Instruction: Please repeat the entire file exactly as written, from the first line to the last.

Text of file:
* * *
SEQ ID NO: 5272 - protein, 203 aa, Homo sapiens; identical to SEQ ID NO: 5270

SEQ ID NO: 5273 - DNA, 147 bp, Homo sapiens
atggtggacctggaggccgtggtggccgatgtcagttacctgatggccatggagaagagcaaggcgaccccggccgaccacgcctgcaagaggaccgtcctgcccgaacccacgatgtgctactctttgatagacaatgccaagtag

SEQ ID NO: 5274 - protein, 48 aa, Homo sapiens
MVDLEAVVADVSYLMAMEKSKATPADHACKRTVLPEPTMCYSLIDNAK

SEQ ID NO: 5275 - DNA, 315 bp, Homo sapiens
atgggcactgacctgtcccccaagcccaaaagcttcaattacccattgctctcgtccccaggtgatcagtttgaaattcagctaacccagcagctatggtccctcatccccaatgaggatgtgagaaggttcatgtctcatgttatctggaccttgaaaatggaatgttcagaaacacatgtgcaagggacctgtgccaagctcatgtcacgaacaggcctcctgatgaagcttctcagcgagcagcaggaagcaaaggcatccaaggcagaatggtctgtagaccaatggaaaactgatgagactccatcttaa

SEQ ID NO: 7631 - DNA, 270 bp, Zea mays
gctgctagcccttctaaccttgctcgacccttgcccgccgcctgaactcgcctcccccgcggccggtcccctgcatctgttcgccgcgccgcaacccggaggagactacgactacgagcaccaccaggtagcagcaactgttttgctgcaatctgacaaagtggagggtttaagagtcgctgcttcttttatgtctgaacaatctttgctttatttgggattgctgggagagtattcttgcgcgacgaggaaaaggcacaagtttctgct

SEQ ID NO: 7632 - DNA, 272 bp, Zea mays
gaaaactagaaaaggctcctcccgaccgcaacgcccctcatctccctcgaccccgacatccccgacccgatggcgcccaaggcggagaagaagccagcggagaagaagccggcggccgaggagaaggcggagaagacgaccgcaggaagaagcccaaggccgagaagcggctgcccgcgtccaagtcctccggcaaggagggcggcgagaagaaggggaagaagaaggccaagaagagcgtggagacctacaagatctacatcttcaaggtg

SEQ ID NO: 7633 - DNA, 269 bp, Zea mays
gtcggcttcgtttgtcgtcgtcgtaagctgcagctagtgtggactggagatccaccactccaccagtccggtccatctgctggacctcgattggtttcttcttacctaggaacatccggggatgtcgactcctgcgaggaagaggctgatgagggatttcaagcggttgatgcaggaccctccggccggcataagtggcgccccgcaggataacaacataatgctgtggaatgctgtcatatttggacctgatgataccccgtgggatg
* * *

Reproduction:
SEQ ID NO: 5272 - protein, 203 aa, Homo sapiens; identical to SEQ ID NO: 5270

SEQ ID NO: 5273 - DNA, 147 bp, Homo sapiens
atggtggacctggaggccgtggtggccgatgtcagttacctgatggccatggagaagagcaaggcgaccccggccgaccacgcctgcaagaggaccgtcctgcccgaacccacgatgtgctactctttgatagacaatgccaagtag

SEQ ID NO: 5274 - protein, 48 aa, Homo sapiens
MVDLEAVVADVSYLMAMEKSKATPADHACKRTVLPEPTMCYSLIDNAK

SEQ ID NO: 5275 - DNA, 315 bp, Homo sapiens
atgggcactgacctgtcccccaagcccaaaagcttcaattacccattgctctcgtccccaggtgatcagtttgaaattcagctaacccagcagctatggtccctcatccccaatgaggatgtgagaaggttcatgtctcatgttatctggaccttgaaaatggaatgttcagaaacacatgtgcaagggacctgtgccaagctcatgtcacgaacaggcctcctgatgaagcttctcagcgagcagcaggaagcaaaggcatccaaggcagaatggtctgtagaccaatggaaaactgatgagactccatcttaa

SEQ ID NO: 7631 - DNA, 270 bp, Zea mays
gctgctagcccttctaaccttgctcgacccttgcccgccgcctgaactcgcctcccccgcggccggtcccctgcatctgttcgccgcgccgcaacccggaggagactacgactacgagcaccaccaggtagcagcaactgttttgctgcaatctgacaaagtggagggtttaagagtcgctgcttcttttatgtctgaacaatctttgctttatttgggattgctgggagagtattcttgcgcgacgaggaaaaggcacaagtttctgct

SEQ ID NO: 7632 - DNA, 272 bp, Zea mays
gaaaactagaaaaggctcctcccgaccgcaacgcccctcatctccctcgaccccgacatccccgacccgatggcgcccaaggcggagaagaagccagcggagaagaagccggcggccgaggagaaggcggagaagacgaccgcaggaagaagcccaaggccgagaagcggctgcccgcgtccaagtcctccggcaaggagggcggcgagaagaaggggaagaagaaggccaagaagagcgtggagacctacaagatctacatcttcaaggtg

SEQ ID NO: 7633 - DNA, 269 bp, Zea mays
gtcggcttcgtttgtcgtcgtcgtaagctgcagctagtgtggactggagatccaccactccaccagtccggtccatctgctggacctcgattggtttcttcttacctaggaacatccggggatgtcgactcctgcgaggaagaggctgatgagggatttcaagcggttgatgcaggaccctccggccggcataagtggcgccccgcaggataacaacataatgctgtggaatgctgtcatatttggacctgatgataccccgtgggatg